Democratic Senator Kamala Harris is a front-runner in the race to become the party’s top 2020 presidential nominee. She wants Medicare for all, dislikes President Trump’s proposed border wall, and favors of a ban on assault weapons and on the sale of high-capacity magazines.
She recently announced her support for the Green New Deal in an interview with MSNBC, but her stance on a different “green” issue—the legalization of marijuana—hasn’t always been so clear. During her time as California’s Attorney General, and later in the U.S. Senate, she’s changed her mind a few times. Below, a complete guide to her evolving position on pot.
Early on, Harris approved of medical marijuana, but nothing beyond that.
In 2010, the year she was elected California attorney general, Harris opposed an initiative to legalize marijuana, which would have “allowed local governments to regulate and tax recreational marijuana two years before Colorado and Washington passed their measures,” according to The Los Angeles Times,
“Spending two decades in court rooms, Harris believes that drug selling harms communities,” her campaign manager, Brian Brokaw, told Capitol Weekly. “Harris supports the legal use of medicinal marijuana but does not support anything beyond that.”
Four years later, when the debate on the legalization of marijuana was a big issue in the 2014 race for California’s attorney general, her opponent Ron Gold said in an interview that “it needs to be legalized” recreationally.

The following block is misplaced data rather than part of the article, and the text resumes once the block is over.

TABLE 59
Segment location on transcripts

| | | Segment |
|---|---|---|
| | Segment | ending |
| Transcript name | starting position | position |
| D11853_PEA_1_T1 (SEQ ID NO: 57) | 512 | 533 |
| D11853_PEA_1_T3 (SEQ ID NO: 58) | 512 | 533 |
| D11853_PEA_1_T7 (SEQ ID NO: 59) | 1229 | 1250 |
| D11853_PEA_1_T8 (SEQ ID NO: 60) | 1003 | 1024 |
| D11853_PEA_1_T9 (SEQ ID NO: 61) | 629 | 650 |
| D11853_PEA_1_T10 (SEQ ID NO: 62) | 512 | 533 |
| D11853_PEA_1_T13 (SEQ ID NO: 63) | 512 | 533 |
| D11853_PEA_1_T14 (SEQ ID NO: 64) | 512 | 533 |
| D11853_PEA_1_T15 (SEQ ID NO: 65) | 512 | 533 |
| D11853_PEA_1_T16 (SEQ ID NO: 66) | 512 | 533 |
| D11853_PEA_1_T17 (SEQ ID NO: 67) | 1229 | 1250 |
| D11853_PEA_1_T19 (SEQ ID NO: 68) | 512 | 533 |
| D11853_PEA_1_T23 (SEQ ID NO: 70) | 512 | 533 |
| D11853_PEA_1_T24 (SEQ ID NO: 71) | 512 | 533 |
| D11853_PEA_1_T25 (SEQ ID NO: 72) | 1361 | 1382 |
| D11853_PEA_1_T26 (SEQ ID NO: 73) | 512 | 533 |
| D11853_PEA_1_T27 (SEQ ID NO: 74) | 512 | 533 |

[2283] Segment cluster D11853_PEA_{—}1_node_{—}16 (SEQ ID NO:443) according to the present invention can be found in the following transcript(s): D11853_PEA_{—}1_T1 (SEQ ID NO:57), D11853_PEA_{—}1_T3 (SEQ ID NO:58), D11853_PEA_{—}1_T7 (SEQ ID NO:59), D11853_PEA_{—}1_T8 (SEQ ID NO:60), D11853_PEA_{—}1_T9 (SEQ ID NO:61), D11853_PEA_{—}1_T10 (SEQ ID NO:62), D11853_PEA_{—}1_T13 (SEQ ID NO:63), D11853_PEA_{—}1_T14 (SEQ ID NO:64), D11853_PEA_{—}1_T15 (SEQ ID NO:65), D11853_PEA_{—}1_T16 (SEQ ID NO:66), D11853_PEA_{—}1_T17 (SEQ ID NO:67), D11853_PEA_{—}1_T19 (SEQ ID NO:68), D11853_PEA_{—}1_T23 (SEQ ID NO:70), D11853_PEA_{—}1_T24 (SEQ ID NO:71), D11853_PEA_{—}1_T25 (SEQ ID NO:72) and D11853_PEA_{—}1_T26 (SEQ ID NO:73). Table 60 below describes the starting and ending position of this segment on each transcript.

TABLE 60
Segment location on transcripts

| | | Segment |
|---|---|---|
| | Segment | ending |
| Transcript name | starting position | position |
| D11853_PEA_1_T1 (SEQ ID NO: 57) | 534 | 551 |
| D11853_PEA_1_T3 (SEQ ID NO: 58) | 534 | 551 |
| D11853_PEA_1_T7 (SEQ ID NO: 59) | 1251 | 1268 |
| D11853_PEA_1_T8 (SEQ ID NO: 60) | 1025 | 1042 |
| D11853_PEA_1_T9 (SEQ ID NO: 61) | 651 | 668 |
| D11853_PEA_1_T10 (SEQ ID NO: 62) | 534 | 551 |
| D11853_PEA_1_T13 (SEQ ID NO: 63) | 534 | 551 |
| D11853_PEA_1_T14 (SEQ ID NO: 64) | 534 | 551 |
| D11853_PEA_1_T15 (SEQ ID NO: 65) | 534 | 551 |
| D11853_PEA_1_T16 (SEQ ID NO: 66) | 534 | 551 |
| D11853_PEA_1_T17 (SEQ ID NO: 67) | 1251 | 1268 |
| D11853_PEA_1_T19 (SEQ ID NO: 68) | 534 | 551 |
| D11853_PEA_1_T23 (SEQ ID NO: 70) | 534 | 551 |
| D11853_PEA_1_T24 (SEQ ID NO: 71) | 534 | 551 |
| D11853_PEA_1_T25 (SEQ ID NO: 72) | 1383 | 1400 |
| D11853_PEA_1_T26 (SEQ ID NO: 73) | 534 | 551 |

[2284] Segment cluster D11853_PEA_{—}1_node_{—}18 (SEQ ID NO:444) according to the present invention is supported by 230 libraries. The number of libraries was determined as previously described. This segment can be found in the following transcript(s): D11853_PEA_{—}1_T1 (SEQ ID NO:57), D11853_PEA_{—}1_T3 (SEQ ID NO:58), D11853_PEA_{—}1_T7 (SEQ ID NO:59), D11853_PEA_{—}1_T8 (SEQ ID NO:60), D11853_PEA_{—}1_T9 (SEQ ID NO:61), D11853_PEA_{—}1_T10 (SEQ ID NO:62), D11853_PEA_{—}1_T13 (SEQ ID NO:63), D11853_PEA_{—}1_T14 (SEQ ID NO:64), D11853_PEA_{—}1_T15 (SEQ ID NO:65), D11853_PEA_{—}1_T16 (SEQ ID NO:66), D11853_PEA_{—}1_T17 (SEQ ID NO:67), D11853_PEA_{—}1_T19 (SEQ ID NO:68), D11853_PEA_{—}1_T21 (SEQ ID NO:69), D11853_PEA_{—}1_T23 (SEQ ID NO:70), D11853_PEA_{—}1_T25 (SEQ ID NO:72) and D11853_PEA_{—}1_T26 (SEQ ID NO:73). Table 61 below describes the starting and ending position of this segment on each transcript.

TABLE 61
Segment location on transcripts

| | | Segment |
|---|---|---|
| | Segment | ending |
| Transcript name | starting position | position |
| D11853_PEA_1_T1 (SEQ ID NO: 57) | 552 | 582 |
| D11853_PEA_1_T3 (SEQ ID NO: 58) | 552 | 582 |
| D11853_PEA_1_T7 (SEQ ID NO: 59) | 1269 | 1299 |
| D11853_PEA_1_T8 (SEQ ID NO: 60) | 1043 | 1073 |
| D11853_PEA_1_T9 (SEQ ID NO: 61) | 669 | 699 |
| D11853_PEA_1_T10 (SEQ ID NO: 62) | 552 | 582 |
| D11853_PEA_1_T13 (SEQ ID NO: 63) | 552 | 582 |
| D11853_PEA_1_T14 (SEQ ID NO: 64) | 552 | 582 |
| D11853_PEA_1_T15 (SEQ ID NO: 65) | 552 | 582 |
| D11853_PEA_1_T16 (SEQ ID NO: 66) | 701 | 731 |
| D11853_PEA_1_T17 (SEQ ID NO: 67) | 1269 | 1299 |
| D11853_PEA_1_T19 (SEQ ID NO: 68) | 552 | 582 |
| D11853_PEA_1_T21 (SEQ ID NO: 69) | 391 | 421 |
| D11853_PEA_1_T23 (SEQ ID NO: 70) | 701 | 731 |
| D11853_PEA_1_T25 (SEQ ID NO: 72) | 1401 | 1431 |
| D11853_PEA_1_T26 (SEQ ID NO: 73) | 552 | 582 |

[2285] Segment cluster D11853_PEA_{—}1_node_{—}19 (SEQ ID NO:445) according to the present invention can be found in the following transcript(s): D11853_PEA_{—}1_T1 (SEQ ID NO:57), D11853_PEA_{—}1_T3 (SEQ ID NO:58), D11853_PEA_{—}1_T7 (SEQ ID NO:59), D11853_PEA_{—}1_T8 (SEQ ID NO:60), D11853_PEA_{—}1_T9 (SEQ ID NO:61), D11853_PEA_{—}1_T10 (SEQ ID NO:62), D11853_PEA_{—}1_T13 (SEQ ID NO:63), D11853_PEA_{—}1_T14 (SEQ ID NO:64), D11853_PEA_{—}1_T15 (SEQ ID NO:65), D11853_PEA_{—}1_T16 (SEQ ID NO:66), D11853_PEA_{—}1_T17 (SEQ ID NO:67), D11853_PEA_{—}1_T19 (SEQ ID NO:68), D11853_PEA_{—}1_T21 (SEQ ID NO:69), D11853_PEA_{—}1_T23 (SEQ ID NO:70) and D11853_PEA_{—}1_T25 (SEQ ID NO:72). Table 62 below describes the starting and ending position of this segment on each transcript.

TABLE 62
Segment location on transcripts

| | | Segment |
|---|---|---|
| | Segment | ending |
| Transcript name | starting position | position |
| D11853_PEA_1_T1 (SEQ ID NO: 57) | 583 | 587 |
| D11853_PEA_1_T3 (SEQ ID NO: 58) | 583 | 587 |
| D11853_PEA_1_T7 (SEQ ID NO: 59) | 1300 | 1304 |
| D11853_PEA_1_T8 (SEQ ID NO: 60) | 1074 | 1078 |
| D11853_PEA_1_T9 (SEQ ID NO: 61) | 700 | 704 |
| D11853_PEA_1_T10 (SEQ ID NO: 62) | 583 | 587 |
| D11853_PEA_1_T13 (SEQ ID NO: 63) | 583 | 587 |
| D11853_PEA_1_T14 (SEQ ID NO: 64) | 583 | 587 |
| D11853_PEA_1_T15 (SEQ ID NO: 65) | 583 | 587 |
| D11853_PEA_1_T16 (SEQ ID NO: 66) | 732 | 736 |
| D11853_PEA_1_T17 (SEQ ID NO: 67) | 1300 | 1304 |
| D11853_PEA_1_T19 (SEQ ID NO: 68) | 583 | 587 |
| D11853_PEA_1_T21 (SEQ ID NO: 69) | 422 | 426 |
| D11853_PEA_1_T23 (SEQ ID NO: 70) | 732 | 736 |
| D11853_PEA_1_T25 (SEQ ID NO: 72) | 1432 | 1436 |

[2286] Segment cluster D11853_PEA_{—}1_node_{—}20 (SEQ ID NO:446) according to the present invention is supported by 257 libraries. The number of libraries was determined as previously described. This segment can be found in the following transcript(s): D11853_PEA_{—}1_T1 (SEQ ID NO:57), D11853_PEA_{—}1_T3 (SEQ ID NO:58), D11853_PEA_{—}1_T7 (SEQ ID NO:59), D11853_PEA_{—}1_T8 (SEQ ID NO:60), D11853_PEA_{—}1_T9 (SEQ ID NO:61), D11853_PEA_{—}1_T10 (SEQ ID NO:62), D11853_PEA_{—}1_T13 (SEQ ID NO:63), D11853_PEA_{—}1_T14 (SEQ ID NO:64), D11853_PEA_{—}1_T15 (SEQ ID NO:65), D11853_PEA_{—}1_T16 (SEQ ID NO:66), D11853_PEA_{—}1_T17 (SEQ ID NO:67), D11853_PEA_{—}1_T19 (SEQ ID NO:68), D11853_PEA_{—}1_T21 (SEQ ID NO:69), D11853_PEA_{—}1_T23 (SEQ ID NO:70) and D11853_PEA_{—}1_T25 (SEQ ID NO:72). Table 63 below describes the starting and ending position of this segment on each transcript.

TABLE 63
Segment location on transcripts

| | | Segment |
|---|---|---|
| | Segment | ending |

Harris was told Gold’s position on the issue by a local news station and asked for her thoughts. She paused for four seconds, nodded her head five times, before laughing and responding with, “He’s entitled to his opinion.”
In 2015, Harris called for the decriminalization of marijuana.
At the May 2015 California Democrats Convention a year later, Harris called for an end to “the federal ban on medical marijuana,” but stopped short of talking about total legalization.
After she was elected to represent California in the U.S. Congress in 2016, Harris addressed the audience at a conference sponsored by liberal think tank Center for American Progress, making the biggest pro-marijuana statement in her political career thus far.
“Let me tell you what California needs, Jeff Sessions. We need support in dealing with transnational criminal organizations and dealing with human trafficking, not in going after grandma’s medicinal marijuana,” she said.
“While I don’t believe in legalizing all drugs, as a career prosecutor I just don’t, we need to do the smart thing, the right thing, and finally decriminalize marijuana,” she added.
Published: March 04, 2019
Founder & Interim Editor of L.A. Cannabis News